Hundreds of Kurdish fighters have crossed from Turkey into neighbouring Syria to defend a Kurdish area under attack by Islamic State militants, activists said.
Fighting there led another prominent Kurdish official to appeal for international assistance in their battle against the extremists.
The movement of hundreds of Kurdish fighters into Syria reflected the ferocity of the fighting in the northern Kobani area, which borders Turkey. Militants of the extremist Islamic State group have been barrelling through the area over the past three days, seizing villages and forcing tens of thousands of Syrian Kurds to flee.
"Kobani is facing the fiercest and most barbaric attack in its history," said official Mohammed Saleh Muslim, head of Syria's Kurdish Democratic Union. The groups' members dominate the Syrian Kurdish group known as the YPK, which is fighting the Islamic State militants.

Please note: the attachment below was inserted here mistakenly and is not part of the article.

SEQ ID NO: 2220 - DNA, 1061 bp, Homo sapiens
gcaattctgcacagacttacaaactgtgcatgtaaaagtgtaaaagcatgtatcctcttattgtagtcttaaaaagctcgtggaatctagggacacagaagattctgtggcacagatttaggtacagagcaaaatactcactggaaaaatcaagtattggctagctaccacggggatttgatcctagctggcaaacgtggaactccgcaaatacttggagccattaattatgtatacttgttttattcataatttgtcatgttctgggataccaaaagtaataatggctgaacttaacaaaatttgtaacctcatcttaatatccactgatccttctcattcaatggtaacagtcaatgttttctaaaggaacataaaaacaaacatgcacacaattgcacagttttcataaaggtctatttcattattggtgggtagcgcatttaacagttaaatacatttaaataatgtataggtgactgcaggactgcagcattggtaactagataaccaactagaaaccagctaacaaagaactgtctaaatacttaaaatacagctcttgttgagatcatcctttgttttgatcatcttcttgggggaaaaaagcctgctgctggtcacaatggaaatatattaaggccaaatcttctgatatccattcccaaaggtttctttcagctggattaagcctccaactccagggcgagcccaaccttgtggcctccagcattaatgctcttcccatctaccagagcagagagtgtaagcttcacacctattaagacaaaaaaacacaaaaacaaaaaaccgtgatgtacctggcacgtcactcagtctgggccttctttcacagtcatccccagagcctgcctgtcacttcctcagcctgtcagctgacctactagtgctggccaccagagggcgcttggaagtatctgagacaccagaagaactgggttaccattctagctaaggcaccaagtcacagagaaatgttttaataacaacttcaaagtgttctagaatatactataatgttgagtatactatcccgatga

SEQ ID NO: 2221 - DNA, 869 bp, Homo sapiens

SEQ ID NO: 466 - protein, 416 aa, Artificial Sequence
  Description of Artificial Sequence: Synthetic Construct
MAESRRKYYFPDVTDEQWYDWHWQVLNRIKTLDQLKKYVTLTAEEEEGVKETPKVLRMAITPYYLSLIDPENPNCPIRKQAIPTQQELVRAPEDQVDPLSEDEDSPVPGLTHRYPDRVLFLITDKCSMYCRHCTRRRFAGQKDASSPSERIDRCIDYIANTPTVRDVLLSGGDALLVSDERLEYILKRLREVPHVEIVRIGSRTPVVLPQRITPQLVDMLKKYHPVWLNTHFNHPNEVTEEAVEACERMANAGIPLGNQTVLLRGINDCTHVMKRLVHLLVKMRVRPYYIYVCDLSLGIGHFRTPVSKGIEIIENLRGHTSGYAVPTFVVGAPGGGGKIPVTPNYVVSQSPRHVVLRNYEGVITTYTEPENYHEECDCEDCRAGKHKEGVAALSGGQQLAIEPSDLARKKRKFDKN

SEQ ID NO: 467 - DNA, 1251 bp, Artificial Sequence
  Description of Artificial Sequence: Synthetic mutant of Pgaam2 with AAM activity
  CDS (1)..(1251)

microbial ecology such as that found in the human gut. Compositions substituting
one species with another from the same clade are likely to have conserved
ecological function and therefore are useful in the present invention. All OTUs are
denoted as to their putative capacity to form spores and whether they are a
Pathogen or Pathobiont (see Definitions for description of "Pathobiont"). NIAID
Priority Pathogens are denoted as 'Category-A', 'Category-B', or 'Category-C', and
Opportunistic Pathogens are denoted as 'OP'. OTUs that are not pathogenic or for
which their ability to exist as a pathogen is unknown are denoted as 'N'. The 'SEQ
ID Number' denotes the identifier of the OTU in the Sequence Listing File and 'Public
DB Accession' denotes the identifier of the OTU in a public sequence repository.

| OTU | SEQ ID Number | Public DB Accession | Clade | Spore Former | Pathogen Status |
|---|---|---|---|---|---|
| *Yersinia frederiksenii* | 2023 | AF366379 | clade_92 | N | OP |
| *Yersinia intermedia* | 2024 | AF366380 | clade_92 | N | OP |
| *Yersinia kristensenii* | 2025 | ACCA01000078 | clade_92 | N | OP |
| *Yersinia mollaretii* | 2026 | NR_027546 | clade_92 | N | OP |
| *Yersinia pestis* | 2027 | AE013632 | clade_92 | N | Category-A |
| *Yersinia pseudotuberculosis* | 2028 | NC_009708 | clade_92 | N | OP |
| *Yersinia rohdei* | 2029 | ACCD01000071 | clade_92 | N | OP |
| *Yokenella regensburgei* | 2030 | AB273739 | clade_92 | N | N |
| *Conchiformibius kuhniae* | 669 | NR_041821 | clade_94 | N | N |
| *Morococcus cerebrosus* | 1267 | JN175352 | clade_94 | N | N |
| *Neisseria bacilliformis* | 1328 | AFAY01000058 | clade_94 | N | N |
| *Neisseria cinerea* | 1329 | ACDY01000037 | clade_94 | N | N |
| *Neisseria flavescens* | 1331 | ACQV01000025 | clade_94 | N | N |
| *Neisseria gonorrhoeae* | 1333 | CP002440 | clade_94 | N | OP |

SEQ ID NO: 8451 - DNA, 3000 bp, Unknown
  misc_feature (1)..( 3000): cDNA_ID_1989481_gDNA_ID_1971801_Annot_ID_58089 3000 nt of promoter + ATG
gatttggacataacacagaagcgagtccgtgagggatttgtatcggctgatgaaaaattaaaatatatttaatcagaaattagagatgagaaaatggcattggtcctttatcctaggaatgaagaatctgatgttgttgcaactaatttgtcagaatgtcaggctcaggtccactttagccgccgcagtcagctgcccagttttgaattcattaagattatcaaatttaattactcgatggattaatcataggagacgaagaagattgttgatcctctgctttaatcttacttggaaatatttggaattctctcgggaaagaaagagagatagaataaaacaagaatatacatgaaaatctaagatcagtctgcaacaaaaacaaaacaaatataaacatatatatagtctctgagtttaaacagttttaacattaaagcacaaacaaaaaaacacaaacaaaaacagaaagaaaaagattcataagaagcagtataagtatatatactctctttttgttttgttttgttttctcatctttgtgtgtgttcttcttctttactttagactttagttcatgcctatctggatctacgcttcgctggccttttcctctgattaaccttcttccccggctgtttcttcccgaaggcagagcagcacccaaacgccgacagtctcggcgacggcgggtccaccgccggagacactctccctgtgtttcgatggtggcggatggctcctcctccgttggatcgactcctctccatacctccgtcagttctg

"Kobani calls on all those who defend humane and democratic values... to stand by Kobani and support it immediately. The coming hours are decisive," he said.
The Britain-based Syrian Observatory for Human Rights and Kurdish official Nawaf Khalil said that the fighters were streaming into the Kobani. The Observatory estimated their numbers in the hundreds.
Syrian Kurdish fighters had been successfully fighting off the militants for the past two years. They even clashed with the Islamic State group's fighters in northern Iraq, carving a safe passage for thousands of embattled Iraqis of the Yazidi minority, whom the militant group sees as apostates.
But the tide changed in September. Islamic State group fighters, using weapons and armour seized from Iraqi soldiers who fled the militants' advance in June, are now sweeping through the Kobani area.
As the fighting continued, Mr Khalil said Kurdish fighters had evacuated several other villages pre-emptively to ensure the safety of residents. At least 45,000 Syrian Kurds had crossed into Turkey since Friday, Turkish deputy prime minister Numan Kurtulmus said.
"Some of our brothers are being placed with their relatives, some are being taken to local schools and state facilities, others are being hosted in tents," Mr Kurtulmus said.